Esslie-Frenia Law June 2023 Leaderboard

Disc golf may be coming to town park


By Melanie Lekocevic

Capital Region Independent Media

The game of disc golf is similar to golf but uses a disc and a metal basket instead of a club and ball. Courtesy of PDGA Tour

GREENVILLE — A disc golf course may be in Greenville’s future.

Local resident Jasan LaSasso is a member of the Capital Region Disc Golf Club and presented a proposal to install a disc golf course along the nature trail at Vanderbilt Park on Route 32.

“Disc golf is like traditional golf but instead of a club and a ball, you throw a Frisbee at a target and basket,” LaSasso told the town board at its July meeting. “Score is kept in the same way — you keep strokes, and you want as few strokes as possible. It’s played in the woods and fields — in the woods you use the trees and stone walls as obstacles and there’s a lot of hiking. It’s like going for a walk with a purpose.”

Disc golf was formalized in the 1970s, according to the Professional Disc Golf Association.

“A disc golf hole begins from a tee area and ends at a target, the most common of which is an elevated metal basket,” according to the group’s website. “As a player progresses down the fairway, he or she must make each consecutive throw from the spot where the previous throw landed… When the ‘putt’ lands in the basket, the hole is complete.”

LaSasso said the town park’s nature trails would be a good place to install a small disc golf course. The game can be played with either an 18-hole course or a 9-hole course. LaSasso’s proposal is for a 9-hole course.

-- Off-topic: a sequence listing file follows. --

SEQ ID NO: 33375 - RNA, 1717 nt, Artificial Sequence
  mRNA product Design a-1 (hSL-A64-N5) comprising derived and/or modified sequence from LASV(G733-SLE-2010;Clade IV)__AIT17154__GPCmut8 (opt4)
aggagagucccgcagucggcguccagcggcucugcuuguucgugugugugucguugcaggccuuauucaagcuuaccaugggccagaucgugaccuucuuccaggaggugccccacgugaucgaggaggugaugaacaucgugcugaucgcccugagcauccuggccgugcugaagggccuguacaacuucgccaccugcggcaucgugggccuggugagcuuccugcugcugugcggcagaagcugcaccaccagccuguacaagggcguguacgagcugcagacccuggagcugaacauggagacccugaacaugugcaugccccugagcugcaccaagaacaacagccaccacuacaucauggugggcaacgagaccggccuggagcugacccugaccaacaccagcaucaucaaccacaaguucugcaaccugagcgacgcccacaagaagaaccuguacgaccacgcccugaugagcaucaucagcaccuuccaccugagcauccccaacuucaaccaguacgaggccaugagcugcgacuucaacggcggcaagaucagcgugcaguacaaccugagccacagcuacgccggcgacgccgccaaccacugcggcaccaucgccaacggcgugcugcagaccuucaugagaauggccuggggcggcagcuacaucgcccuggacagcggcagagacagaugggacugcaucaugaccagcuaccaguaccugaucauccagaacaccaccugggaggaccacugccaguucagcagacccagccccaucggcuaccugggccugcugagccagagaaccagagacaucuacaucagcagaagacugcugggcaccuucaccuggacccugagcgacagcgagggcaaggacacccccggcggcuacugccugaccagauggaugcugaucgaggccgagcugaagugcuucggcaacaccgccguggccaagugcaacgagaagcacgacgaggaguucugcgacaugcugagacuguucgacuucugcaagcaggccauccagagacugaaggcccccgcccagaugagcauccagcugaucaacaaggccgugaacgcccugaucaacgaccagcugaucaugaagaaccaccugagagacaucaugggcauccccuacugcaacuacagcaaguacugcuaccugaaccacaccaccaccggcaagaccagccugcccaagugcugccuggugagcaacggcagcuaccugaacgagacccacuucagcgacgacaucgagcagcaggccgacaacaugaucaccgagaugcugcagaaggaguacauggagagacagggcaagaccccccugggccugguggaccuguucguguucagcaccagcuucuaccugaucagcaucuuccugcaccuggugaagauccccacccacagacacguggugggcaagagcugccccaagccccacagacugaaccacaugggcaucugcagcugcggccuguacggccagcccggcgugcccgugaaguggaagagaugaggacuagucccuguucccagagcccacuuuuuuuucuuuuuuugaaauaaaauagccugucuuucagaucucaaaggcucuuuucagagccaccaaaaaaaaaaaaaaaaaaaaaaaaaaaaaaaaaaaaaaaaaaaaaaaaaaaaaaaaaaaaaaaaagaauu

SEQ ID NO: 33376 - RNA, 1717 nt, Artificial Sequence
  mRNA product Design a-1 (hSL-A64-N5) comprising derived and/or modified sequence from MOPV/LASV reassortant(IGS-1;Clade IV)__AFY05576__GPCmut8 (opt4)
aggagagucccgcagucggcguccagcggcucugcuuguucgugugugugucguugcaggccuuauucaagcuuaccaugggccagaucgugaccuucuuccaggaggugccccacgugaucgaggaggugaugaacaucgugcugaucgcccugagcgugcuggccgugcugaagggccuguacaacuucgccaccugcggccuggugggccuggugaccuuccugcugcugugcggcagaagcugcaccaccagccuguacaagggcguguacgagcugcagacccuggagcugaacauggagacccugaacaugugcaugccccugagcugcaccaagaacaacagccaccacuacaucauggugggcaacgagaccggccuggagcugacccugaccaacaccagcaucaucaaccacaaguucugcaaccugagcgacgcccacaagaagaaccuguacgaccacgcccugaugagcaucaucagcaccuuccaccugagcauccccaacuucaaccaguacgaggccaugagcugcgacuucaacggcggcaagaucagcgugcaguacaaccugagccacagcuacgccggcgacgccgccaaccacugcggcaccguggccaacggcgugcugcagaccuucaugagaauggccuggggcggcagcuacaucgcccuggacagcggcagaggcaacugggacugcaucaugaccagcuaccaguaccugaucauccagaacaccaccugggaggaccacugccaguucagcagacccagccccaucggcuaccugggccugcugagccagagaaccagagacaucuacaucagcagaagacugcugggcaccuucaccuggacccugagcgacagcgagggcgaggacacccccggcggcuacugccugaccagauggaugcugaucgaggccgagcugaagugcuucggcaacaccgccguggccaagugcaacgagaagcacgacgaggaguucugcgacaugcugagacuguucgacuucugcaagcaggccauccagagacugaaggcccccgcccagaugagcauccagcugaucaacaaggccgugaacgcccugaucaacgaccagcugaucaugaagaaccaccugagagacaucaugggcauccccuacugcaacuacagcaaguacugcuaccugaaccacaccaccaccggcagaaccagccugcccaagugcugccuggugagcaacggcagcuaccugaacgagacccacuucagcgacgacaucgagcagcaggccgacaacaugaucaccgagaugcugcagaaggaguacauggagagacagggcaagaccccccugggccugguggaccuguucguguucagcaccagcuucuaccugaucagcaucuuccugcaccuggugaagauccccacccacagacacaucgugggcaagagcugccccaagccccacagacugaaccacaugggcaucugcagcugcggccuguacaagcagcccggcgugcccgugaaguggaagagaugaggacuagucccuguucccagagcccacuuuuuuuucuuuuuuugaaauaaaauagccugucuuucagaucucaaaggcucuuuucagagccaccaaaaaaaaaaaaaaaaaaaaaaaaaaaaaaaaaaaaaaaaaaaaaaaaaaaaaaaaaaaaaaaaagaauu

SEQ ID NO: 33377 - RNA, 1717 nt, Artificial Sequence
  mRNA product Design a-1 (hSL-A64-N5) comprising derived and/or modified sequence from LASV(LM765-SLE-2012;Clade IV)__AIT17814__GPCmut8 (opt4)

“I think there are all sorts of good opportunities at Vanderbilt Park to put in 9-hole loops,” he said. “There’s underutilized parts of the park that are overgrown along stone walls, parts that don’t have any trails, and the disc golf course could bring people in. It would also give locals another activity to do at Vanderbilt Park.”

The sport is low impact, LaSasso said.

“The targets are baskets that are essentially on fence posts,” he said. “It doesn’t require any trees to be cut, only brush and trees that are in danger of falling. It’s low cost — the targets are about $400 each.”

The course would be installed and maintained by volunteers. LaSasso’s club has over a hundred members and they travel around the Capital Region sprucing up disc golf courses and spreading awareness of the sport.

Disc golf can be played year-round, he added.

Town Supervisor Paul Macko asked if there are other courses in Greene County.

There was a course at Hunter Mountain but it is currently closed, LaSasso said. The next nearest course is at Joralemon Park in Coeymans Hollow, and there are several others around neighboring Albany County.

Town attorney Tal Rappleyea said there is also a disc golf course in Columbia County.

“There’s one across the river in Chatham near the town hall,” Rappleyea said. “A lot of people were not very receptive of it and they were quite skeptical, and now, five or six years later, it’s really very popular and they’ve done a beautiful job with it.”

LaSasso has also been in talks with the local group Community Partners of Greenville, which agreed to fund half the cost of installing the disc golf course. The club would also hold fundraising events to help fund the project.

A 9-hole course would cost about $5,000 in total, and Community Partners agreed to put up half of the funding, or $2,500, Community Partners President Bill Von Atzingen said.

Macko asked if the course could be installed by the end of this year.

“If we had approval, we could start cleaning up the brush and easily get it in this year,” LaSasso responded.

The town council voted unanimously to support the project.

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